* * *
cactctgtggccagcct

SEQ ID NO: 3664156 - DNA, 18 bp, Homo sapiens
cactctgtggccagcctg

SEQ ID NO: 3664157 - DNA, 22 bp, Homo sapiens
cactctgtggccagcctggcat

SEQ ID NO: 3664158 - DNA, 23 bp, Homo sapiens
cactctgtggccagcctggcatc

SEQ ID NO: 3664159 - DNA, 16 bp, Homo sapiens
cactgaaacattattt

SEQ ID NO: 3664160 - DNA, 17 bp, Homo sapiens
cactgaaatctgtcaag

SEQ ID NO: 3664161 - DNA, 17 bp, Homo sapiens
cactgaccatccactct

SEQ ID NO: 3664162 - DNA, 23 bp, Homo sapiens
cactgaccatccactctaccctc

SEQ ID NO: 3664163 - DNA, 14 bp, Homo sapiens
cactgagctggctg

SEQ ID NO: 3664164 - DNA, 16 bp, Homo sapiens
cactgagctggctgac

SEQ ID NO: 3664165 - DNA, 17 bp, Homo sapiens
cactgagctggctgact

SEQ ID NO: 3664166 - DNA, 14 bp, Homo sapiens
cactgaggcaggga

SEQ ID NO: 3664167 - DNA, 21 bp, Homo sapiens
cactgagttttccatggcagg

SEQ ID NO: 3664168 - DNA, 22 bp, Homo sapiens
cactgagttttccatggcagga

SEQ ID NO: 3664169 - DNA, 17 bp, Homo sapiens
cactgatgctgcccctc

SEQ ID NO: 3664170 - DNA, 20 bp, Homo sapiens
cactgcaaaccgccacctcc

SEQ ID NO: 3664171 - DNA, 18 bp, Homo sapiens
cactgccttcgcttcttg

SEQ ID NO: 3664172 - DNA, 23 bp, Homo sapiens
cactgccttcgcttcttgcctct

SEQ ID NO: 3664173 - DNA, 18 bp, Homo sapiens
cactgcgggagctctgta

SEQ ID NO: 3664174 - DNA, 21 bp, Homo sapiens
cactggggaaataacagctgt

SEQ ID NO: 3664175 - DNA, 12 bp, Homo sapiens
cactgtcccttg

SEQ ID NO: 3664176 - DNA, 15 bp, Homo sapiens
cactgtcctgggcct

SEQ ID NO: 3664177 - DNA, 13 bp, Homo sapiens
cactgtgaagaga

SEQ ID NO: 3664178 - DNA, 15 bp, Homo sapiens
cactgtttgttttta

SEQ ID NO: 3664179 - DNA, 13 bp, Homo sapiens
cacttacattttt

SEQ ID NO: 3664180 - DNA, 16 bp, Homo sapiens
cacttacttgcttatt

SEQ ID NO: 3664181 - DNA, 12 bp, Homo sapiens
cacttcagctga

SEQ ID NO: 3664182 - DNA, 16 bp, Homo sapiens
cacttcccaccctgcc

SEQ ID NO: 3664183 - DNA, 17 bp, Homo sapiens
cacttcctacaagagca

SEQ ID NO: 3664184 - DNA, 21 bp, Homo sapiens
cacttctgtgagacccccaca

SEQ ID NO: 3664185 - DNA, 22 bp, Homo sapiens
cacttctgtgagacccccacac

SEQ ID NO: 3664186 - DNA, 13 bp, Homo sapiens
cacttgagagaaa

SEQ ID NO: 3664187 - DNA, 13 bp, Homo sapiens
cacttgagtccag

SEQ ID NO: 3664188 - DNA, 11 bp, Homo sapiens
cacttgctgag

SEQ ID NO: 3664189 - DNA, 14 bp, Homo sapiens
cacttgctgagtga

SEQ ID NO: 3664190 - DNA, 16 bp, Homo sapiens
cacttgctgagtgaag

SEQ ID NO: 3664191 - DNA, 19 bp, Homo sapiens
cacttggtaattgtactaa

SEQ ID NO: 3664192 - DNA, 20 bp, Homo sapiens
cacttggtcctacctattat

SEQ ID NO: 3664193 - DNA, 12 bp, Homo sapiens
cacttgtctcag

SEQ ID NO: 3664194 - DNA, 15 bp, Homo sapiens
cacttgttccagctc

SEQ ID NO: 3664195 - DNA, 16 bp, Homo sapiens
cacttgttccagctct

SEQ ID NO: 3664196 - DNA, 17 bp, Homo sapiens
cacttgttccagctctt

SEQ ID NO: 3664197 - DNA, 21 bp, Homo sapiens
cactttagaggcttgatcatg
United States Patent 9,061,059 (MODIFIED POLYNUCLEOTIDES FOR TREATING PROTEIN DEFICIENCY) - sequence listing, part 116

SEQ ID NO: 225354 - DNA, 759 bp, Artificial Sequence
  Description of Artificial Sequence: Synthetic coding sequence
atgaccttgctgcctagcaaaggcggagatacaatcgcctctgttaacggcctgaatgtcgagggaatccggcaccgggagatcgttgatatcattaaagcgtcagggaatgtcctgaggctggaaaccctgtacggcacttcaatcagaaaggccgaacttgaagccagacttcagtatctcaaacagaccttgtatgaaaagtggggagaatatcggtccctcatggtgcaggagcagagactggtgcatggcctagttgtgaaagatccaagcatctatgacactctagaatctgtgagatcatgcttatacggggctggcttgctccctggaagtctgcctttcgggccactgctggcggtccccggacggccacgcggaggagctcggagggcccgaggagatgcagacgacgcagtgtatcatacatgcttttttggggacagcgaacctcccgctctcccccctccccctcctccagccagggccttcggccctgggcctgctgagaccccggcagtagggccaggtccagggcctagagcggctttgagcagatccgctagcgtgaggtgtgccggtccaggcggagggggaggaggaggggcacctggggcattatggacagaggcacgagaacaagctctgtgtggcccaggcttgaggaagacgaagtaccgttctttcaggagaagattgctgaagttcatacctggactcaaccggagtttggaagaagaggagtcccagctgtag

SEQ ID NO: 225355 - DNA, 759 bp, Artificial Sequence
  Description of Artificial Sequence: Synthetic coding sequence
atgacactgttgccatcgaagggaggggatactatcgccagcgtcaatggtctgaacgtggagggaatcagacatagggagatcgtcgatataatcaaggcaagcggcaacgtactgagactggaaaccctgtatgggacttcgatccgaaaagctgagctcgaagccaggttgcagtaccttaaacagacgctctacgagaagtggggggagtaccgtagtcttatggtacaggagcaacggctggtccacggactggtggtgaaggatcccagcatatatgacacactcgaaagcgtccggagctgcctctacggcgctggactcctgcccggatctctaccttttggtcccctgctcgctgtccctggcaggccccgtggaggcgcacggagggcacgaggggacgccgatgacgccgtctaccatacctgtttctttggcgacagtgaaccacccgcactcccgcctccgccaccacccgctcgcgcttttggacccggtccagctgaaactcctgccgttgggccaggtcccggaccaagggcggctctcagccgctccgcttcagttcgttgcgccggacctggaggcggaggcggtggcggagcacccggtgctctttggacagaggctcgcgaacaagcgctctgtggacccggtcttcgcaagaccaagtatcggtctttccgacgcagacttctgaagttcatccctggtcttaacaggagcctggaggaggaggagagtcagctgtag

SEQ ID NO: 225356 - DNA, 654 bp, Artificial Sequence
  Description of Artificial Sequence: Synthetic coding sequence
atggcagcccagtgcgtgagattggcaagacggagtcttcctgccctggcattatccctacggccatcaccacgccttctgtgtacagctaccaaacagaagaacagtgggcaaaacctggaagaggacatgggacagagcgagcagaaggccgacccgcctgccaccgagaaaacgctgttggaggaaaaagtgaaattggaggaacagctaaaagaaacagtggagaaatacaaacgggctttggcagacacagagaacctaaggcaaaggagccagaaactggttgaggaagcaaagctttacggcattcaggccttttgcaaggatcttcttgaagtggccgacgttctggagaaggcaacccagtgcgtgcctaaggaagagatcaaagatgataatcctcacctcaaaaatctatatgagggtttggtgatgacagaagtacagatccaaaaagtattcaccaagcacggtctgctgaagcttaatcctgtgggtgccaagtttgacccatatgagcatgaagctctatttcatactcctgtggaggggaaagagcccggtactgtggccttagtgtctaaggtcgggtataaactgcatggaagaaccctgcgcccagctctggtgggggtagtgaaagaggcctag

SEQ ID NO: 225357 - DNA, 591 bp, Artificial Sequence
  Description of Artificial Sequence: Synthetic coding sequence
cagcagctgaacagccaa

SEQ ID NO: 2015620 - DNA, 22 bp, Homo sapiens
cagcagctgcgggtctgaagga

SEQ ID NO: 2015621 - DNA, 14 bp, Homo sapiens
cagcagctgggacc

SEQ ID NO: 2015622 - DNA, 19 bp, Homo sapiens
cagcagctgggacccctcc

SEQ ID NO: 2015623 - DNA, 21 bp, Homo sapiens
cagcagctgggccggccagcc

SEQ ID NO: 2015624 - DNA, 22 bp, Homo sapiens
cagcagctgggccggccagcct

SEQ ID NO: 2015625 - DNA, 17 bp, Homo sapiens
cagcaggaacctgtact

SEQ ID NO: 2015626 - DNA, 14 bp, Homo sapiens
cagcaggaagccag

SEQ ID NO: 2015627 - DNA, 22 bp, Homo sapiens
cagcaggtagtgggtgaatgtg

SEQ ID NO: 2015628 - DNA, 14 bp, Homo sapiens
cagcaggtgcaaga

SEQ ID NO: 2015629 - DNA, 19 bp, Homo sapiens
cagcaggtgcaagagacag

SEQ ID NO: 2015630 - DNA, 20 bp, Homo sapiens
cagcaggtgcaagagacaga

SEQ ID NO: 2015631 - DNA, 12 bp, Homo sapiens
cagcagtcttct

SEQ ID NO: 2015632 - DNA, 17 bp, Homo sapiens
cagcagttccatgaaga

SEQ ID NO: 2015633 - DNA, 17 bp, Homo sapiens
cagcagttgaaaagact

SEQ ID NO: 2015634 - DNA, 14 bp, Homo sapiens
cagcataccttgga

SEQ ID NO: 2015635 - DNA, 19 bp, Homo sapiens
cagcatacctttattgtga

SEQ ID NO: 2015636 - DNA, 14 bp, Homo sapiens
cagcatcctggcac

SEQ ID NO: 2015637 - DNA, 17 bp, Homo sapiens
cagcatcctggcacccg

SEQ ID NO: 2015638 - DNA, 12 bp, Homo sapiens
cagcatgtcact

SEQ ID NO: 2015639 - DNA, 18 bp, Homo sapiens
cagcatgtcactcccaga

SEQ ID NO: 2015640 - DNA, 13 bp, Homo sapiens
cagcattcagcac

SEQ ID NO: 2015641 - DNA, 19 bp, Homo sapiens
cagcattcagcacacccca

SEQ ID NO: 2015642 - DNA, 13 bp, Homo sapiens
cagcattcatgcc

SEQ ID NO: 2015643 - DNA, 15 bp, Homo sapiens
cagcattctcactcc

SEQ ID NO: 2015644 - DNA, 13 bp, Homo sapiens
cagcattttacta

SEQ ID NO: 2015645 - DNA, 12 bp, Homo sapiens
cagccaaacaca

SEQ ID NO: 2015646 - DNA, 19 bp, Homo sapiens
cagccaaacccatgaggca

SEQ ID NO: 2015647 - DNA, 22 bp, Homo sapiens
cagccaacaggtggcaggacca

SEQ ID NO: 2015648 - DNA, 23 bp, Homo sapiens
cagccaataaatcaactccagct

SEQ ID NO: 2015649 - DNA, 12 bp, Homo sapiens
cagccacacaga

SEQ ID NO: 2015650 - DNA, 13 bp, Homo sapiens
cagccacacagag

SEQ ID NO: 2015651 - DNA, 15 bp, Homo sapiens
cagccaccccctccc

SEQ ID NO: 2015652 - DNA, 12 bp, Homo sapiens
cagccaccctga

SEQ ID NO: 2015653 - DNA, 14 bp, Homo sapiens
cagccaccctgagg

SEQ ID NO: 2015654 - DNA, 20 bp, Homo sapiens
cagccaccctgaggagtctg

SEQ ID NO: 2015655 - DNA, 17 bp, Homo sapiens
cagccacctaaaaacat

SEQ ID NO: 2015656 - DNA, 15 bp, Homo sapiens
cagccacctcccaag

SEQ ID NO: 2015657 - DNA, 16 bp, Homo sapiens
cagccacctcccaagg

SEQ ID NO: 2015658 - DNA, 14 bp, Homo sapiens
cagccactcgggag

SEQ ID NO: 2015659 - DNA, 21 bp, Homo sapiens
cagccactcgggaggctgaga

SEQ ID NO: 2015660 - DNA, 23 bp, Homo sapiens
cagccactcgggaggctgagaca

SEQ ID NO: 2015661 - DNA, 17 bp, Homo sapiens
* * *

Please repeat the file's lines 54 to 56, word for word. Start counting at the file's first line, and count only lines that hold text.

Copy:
SEQ ID NO: 3664182 - DNA, 16 bp, Homo sapiens
cacttcccaccctgcc

SEQ ID NO: 3664183 - DNA, 17 bp, Homo sapiens